Telemundo is getting into the movie-making business.
NBCU Telemundo Enterprises, which owns the Spanish-language TV network, announced Thursday it is launching a new business unit, Telemundo Films, that will develop, produce and market theatrical films in English and Spanish specifically aimed at the U.S. Hispanic market.
Telemundo Films will be headed by Luis Silberwasser, the president of Telemundo network. The company’s first release will be “Lowriders,” an English-language drama about a street graffiti artist from East L.A. trying to overcome his brother’s criminal past and his father’s obsession with lowrider car culture. The movie stars Demián Bichir, Eva Longoria and Melissa Benoist and was directed by Peruvian filmmaker Ricardo de Montreuil. The film was produced by Oscar-winner Brian Grazer (“A Beautiful Mind”) and Jason Blum (“Whiplash,” “Split”). You can watch the trailer here.
The release of “Lowriders” will be a partnership between Telemundo, Ron Howard’s production company Imagine Entertainment, Blumhouse Productions and Universal Pictures. The movie’s theatrical roll-out on May 12 will be handled by BH Tilt, a multi-platform distribution arm of Blumhouse that specializes in mainstream genre fare such as “The Boy Next Door,” “Insidious” and “Ouija.”
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“Telemundo Films will allow us to leverage our expertise to expand our entertainment business into a new genre of storytelling,” said Cesar Conde, Chairman of NBCUniversal International Group and NBCUniversal Telemundo Enterprises, in a press release. “We are excited to kick off this new venture in partnership with Imagine, Blumhouse and Universal Pictures, and look forward to working with them to serve the vibrant movie-going Hispanic market.”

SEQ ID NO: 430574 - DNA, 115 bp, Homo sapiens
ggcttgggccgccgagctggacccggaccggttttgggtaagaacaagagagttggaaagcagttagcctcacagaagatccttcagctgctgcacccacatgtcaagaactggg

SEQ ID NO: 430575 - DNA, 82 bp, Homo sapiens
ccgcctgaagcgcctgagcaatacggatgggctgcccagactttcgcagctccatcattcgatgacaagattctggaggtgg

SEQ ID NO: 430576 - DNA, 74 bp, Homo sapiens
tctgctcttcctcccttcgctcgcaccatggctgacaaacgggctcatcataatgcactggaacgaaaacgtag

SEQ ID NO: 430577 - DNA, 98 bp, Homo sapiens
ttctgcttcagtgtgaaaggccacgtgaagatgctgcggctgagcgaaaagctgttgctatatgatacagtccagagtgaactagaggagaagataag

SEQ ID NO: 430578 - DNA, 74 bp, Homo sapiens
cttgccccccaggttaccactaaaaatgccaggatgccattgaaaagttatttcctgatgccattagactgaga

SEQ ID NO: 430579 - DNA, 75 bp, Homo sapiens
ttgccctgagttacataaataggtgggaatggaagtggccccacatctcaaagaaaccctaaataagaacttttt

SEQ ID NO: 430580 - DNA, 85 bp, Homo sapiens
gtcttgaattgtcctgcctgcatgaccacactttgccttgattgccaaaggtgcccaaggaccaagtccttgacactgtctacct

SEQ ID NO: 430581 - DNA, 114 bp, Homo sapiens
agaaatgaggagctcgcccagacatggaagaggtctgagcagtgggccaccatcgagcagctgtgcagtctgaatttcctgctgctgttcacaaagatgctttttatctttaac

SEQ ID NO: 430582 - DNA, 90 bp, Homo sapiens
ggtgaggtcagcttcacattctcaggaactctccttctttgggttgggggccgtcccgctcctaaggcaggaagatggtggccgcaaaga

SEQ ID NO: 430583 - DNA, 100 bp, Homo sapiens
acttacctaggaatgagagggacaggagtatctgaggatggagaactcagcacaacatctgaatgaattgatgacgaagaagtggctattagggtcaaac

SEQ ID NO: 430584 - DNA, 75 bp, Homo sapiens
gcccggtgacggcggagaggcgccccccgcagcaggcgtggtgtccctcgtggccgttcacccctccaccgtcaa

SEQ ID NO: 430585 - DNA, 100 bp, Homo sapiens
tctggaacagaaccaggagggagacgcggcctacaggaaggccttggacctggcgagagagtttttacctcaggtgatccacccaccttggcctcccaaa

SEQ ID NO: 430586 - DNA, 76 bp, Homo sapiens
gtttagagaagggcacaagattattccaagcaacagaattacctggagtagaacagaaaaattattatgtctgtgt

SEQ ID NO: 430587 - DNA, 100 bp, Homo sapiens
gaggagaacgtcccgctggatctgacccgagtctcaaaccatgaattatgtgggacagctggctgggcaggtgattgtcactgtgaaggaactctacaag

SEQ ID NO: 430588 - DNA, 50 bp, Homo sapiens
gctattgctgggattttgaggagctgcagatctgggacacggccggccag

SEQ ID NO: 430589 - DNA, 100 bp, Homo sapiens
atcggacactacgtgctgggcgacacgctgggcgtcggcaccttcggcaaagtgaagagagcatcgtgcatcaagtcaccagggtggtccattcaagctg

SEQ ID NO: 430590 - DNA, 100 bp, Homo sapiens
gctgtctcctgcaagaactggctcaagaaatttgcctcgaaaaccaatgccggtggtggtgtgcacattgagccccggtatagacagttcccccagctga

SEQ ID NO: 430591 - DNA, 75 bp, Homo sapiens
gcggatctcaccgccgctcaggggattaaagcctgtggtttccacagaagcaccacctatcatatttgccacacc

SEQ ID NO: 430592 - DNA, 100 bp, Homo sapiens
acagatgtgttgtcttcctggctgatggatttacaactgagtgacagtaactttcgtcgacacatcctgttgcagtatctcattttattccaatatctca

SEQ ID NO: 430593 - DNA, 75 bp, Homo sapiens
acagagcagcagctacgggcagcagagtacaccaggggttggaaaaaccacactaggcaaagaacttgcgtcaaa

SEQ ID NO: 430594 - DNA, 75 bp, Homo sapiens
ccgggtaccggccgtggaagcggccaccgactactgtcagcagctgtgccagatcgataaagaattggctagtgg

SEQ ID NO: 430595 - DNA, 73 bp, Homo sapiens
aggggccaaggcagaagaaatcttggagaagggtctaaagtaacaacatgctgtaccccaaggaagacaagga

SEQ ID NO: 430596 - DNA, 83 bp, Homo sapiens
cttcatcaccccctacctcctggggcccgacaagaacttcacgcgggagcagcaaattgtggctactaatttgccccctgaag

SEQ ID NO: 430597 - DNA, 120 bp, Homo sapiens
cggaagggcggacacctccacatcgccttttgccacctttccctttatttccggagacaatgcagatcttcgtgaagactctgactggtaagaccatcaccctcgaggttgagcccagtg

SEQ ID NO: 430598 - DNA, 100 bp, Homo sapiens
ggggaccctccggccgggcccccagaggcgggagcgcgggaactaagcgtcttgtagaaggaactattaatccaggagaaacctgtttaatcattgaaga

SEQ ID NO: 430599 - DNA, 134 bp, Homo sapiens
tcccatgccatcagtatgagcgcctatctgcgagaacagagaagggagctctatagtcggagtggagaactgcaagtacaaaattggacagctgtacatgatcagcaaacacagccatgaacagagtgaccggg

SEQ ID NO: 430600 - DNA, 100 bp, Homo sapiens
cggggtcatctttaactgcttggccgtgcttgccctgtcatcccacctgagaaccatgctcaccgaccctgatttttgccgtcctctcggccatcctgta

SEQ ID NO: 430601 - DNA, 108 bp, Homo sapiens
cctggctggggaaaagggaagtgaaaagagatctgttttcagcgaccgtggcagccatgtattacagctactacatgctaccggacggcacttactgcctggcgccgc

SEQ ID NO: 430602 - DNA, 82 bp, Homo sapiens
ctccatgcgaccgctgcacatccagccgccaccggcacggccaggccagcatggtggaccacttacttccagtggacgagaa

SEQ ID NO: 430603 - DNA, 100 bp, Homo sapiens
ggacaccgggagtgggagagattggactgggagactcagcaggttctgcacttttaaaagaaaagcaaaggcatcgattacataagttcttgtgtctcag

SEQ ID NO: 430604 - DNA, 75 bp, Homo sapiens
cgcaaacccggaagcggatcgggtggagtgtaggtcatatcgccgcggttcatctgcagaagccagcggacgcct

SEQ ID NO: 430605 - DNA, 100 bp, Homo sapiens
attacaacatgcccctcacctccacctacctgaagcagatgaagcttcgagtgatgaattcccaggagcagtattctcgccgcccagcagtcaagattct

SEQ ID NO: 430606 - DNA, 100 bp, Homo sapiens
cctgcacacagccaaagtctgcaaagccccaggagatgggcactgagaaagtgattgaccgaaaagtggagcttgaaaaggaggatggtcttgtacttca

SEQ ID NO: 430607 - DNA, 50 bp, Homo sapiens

Telemundo has surpassed chief rival Univision in prime-time ratings by producing its own content that reflects the tastes and interests of U.S. Hispanics.
Hispanic moviegoers plunked down $2.3 billion at the U.S. box office in 2015, according to Nielsen. Total box office revenues in North America for that year were $11 billion.
Other studios have already launched their own distribution arms catering to Hispanics. Lionsgate, the producer of the Oscar-nominated “La La Land,” and Mexican media giant Televisa partnered in 2010 to create Pantelion Films, a California-based studio that has released movies such as the Will Ferrell comedy “Casa de Mi Padre,” which was spoken entirely in Spanish, and “Instructions Not Included,” which grossed nearly $100 million worldwide in 2013.
In September, Lionsgate and Univision Communications announced the launch of a video-on-demand service, set to debut sometime in 2017, that will also court the U.S. Hispanic audience.
Construction is underway on a massive 450,000 square-foot facility in West Miami-Dade, set to open in early 2018, that will house several of Telemundo’s production and corporate divisions.